Stuffed Focaccia

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Stuffed Focaccia

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Published prior to 2008

One of the chief attributes of party food, to my mind, is that it creates NO MESS. As the party-giver, the person in charge, do you want to feel responsible for your best pal spilling gloppy sauce from a Swedish meatball down the front of her white silk blouse? Of course not (unless you’re heir to the local dry cleaning empire). Better you should serve something dry-ish and self-contained, something easily consumed in normal-sized, cohesive bites.

The following stuffed focaccia meets my requirements for optimal party food. First, it tastes good; a tender golden-brown yeast dough wrapped around the imaginative filling of your choice-what’s not to like? Second, it doesn’t drip; the baked filling stays in place, even after the focaccia’s been cut. And third, it’s substantial enough to be the main course at lunch but, cut in smaller pieces, can easily double as an hors d’oeuvre.

The filling for this focaccia can be as simple as pepperoni and mozzarella, or as "out there" as caramelized apples, Gorgonzola and toasted walnuts. Consider the crowd you’re feeding; are they traditionalists? Gourmets? Counting calories? Vary the filling to suit the audience. Figure on about 2 cups of filling, on average. You can use more if the filling is fairly simple and light (roasted vegetables, ricotta cheese, fresh greens); use a bit less if it’s very rich and/or spicy (sharp or high-fat cheeses, meats, olives). When risen and baked, each of the bread layers will be 1/2- to 3/4-inches tall, so don’t make the filling so thick the focaccia becomes awkward to get your mouth around. Also, fillings should be pre-cooked if necessary-meats thoroughly cooked, and vegetables roasted or sauteed so that they give up their moisture. What you don’t want is a juicy fresh tomato or plump mushroom sizzling and leaking liquid into the crust as it bakes, because you’ll surely end up with a soggy mess.

Let your imagination be your guide as you dream up favorite fillings. Or try the fillings in the preceding pizza recipes; you’ll need about half of the amounts given to yield the filling for one focaccia.

2 teaspoons instant yeast
4 cups (17 ounces) King Arthur Unbleached All-Purpose Flour OR
2 cups (8 1/2 ounces) King Arthur Unbleached All-Purpose Flour + 2 cups (8 3/4 ounces) Mellow Pastry Blend
1 3/4 teaspoons salt
4 teaspoons (5/8 ounce) Pizza Dough Flavor (optional, but tasty)
1/4 cup (1 1/8 ounces) King Arthur Easy-Roll Dough Improver (optional, but very helpful)
1 1/3 cups (10 5/8 ounces) water
6 tablespoons (2 5/8 ounces) olive oil

Combine all of the ingredients, and mix and then knead them into a smooth, elastic dough.

Allow the dough to rise in a warm (75°F to 85°F) spot for about an hour; it’ll become puffy, but won’t double in bulk. Transfer it to a lightly greased work surface, and divide it in half. Try to treat the dough gently; you’re going to be rolling it out, and don’t want to "excite" the gluten too much.

Roll half the dough into a rectangle about 14 x 10 inches in size. Grease a 9 x 13-inch pan with olive oil; if you’ve got a dark-colored 9 x 13-inch pan, now’s the time to use it-the darker the pan, the crisper and browner the bottom crust. Transfer the dough to the pan. If it shrinks, allow it to rest for 5 to 10 minutes, then gently press and stretch it so that it covers the bottom and comes just a bit up the sides of the pan.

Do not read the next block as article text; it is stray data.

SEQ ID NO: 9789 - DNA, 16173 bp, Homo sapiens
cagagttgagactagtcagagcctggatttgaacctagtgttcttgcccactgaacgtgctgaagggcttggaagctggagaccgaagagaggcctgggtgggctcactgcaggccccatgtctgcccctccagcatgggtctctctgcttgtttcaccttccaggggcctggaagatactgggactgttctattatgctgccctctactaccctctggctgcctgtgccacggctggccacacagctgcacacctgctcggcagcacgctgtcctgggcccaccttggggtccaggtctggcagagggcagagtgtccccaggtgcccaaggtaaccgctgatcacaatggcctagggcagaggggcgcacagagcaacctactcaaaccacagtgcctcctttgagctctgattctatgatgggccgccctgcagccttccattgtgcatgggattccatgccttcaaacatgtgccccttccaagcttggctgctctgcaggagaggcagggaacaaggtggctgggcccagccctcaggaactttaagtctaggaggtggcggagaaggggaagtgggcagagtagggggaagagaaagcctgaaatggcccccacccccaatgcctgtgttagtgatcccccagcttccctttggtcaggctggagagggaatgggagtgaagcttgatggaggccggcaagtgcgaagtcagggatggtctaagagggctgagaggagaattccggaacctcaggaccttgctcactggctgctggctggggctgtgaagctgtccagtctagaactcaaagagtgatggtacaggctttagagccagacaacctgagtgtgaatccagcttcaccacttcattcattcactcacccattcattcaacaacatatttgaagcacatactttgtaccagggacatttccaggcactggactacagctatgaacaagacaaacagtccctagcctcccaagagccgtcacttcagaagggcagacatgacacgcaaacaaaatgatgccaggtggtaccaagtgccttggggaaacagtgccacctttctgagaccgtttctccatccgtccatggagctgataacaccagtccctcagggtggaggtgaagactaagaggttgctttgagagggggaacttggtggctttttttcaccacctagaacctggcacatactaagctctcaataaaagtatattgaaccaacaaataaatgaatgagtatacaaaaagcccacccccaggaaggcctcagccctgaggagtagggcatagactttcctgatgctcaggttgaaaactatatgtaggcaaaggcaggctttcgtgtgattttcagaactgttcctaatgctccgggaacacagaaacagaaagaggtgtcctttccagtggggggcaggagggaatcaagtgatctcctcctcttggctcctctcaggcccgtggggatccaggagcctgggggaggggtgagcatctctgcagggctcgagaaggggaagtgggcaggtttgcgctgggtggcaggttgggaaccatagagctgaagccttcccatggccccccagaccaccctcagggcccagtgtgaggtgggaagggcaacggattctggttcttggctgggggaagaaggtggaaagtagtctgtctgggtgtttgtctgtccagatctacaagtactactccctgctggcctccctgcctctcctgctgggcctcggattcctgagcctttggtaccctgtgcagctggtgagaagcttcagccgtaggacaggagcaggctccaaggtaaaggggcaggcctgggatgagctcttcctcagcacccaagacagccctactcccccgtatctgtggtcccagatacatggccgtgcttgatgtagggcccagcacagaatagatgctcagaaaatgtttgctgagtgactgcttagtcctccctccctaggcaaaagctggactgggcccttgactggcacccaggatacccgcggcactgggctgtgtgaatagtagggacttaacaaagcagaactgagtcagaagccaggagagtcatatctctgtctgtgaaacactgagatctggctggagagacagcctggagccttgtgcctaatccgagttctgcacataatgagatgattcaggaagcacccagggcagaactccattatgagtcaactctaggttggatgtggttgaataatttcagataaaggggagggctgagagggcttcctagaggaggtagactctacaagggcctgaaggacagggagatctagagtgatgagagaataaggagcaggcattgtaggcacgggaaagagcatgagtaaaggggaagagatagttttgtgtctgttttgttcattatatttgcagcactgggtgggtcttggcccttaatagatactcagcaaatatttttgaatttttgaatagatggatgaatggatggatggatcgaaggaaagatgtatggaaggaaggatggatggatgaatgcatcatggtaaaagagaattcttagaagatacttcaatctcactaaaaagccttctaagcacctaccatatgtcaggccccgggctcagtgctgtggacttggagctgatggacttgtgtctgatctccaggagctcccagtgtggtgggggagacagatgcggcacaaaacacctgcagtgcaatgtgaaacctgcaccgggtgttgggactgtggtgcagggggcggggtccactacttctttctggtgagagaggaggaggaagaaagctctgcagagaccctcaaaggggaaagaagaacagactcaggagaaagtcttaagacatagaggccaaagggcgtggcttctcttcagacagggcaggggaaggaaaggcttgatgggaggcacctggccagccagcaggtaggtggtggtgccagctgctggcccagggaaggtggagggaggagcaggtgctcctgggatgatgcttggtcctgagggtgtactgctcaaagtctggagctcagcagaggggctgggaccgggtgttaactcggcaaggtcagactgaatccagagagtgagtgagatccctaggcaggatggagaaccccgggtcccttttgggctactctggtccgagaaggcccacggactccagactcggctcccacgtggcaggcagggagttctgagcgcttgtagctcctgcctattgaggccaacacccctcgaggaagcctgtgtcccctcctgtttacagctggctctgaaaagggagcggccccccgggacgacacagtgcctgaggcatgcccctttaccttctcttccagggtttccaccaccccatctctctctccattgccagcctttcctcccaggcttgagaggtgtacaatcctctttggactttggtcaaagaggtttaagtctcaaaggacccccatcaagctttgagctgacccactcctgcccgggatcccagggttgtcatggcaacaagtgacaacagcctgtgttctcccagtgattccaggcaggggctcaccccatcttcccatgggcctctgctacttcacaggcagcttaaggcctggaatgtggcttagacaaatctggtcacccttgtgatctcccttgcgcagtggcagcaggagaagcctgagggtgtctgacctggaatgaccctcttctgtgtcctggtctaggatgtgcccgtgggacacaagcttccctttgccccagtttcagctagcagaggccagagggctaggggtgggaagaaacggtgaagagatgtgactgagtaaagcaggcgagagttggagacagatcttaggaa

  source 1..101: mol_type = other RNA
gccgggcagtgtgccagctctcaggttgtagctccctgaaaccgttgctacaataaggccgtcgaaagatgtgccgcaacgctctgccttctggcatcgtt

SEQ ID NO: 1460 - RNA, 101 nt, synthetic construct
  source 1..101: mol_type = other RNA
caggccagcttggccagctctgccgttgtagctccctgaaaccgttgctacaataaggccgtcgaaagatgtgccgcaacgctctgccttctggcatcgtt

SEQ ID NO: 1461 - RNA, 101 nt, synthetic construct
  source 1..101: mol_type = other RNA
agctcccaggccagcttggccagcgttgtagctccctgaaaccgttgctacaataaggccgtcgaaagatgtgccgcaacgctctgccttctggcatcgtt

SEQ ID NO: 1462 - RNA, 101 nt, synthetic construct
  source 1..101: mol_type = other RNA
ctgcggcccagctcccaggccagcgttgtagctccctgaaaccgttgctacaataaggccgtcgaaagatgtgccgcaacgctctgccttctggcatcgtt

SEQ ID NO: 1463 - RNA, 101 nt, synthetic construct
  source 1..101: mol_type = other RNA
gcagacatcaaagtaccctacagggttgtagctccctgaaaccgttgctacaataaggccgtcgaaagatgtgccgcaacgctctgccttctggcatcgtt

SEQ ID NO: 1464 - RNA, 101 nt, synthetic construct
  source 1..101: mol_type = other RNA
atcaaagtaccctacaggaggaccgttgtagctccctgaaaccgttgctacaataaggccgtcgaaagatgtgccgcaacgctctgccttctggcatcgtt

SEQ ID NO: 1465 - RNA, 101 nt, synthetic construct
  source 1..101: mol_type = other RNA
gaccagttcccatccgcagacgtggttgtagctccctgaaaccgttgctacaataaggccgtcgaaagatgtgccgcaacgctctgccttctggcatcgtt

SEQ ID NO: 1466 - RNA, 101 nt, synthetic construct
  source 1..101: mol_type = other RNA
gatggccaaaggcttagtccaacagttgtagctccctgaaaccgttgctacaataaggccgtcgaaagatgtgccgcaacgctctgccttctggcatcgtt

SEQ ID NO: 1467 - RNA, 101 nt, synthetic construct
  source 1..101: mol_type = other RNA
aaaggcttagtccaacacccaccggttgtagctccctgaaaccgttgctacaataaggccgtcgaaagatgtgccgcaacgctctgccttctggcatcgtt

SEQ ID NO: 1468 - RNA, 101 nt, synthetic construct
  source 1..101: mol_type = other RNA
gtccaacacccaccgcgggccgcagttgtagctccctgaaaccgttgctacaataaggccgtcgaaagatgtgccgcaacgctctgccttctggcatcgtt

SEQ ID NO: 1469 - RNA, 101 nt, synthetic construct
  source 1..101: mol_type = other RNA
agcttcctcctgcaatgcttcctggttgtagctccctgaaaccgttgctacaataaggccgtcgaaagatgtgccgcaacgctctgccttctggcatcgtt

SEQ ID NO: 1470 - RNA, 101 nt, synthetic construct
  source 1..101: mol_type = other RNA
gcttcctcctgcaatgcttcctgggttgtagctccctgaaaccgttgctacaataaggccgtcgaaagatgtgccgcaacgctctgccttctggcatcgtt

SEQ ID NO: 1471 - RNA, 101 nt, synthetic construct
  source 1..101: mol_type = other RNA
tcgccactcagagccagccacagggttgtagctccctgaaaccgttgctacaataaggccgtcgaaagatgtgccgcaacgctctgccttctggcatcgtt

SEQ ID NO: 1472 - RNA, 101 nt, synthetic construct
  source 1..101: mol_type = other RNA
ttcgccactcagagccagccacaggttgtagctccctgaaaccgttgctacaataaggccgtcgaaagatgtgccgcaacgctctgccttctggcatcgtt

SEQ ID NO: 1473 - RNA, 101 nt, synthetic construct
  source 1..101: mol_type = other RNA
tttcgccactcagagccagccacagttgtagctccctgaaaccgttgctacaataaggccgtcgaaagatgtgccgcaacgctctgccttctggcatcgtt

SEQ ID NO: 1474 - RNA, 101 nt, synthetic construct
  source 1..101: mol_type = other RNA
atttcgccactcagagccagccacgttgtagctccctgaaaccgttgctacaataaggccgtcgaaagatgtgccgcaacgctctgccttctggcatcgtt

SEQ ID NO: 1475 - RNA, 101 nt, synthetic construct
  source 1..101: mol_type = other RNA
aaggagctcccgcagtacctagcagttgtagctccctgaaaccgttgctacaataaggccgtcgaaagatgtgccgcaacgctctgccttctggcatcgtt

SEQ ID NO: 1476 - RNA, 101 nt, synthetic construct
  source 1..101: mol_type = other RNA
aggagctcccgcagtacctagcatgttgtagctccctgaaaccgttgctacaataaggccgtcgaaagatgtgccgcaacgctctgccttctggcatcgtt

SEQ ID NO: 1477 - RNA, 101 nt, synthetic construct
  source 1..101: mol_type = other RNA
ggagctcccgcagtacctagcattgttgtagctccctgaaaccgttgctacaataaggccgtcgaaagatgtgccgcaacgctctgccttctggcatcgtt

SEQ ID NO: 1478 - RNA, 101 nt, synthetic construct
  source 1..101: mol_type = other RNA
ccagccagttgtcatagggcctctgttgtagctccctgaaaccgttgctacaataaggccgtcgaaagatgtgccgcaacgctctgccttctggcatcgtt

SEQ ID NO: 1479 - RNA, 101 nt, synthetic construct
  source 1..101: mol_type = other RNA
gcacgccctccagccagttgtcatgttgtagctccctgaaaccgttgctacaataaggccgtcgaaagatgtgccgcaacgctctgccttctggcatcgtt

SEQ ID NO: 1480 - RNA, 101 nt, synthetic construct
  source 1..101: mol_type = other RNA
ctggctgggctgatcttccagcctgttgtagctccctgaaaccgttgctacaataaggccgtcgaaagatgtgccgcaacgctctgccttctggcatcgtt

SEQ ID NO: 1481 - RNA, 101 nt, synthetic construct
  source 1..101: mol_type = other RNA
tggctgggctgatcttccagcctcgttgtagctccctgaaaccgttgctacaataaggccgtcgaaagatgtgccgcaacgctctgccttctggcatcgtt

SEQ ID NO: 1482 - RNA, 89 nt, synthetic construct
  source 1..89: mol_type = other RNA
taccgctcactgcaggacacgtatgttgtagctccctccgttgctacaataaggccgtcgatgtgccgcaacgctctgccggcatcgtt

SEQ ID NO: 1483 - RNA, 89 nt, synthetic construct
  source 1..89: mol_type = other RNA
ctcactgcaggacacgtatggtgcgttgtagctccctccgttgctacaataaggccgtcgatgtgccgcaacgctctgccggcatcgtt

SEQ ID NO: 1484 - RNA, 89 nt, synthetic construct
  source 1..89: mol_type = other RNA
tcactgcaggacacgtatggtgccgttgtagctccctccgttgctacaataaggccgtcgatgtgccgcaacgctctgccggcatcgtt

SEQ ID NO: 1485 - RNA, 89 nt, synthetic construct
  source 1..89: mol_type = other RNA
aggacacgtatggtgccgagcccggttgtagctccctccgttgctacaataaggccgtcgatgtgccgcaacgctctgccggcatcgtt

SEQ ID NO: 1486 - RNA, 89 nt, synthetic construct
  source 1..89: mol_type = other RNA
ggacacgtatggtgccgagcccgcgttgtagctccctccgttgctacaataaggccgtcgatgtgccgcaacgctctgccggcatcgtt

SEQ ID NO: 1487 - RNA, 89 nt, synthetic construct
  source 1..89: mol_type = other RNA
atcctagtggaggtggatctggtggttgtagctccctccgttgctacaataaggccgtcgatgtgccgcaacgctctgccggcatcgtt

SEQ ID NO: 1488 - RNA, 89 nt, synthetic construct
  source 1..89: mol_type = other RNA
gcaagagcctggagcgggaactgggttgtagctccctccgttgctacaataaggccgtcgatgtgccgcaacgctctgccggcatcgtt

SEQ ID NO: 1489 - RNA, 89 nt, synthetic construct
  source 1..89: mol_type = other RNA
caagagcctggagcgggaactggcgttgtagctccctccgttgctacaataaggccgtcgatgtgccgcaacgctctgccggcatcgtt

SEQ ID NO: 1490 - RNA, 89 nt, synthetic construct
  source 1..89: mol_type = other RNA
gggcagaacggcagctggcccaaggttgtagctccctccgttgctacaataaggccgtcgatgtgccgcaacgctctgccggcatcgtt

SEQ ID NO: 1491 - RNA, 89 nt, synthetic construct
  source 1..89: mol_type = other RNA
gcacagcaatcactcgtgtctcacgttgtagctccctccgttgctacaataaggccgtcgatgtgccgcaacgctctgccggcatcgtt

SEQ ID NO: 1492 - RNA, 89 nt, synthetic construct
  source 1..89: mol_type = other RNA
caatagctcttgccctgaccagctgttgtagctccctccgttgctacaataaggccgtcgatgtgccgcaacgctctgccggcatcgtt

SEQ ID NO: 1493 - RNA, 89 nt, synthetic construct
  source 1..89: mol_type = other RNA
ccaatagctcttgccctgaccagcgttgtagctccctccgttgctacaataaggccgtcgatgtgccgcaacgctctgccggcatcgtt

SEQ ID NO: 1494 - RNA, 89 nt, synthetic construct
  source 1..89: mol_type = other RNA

Layer the filling atop the dough, leaving about 1/2 inch bare around all the edges. Roll out the other piece of dough, and settle it atop the filling. Press the top and bottom crusts together, then roll the edge of the bottom crust up over the edge of the top; the goal is to form a leak-proof seal. Cover the pan with a proof cover or plastic wrap, and allow the dough to rise, at room temperature (68°F to 75°F is optimal) for about 2 hours. The focaccia won’t double in size, but will become puffy. Brush the top with oil, and sprinkle with coarsely ground black pepper, if desired. If the filling is bland, you might also want to sprinkle just a bit of coarse salt and dried rosemary atop the crust. Use a cake tester or other sharp, thin implement to prick the top of the crust in several places, to allow steam to escape and to prevent bubbles.

Bake the focaccia in a preheated 425°F oven for 20 to 25 minutes, until it’s golden brown. You’ll find that because of the oil, the crust will brown quickly; tent it with aluminum foil if it appears to be getting browner than you like before the 20 to 25 minutes is up. Remove the focaccia from the oven, and slip it out of the pan onto a rack to cool a bit. Unless it’s really leaked substantially, you should be able to do this easily; a spatula or giant spatula is a help. You don’t want to leave the focaccia in the pan, as the bottom will steam and become soggy.

Serve the focaccia warm or at room temperature. If necessary, refrigerate any leftovers. Yield: 6 large servings; 8 "luncheon-size" servings; or multiple hors d’oeuvres.

Nutrition information per serving (1/8 of the focaccia, without filling, 102g): 300 cal, 10g fat, 7g protein, 44g complex carbohydrates, 2g dietary fiber, 468mg sodium, 94mg potassium, 3mg iron, 2mg calcium, 66mg phosphorus.

This recipe reprinted from The Baking Sheet Newsletter, Vol. XIII, No. 3, Early 2002 issue.


  • star rating 12/16/2010
  • flourgirls from KAF Community
  • This was an easy recipe with great results. I wanted pizza "bites" so didn't do it as one big pan. Instead, I put the cheese filling into smaller portions then covered it with the top layer then cut and sealed each one. It was easy, and was a huge hit with my family. I didn't see that it was supposed to set for 2 hours before baking, so had to "encourage" it all along a little in a warm oven. It still rose fine, and they were delicious. I will do this again!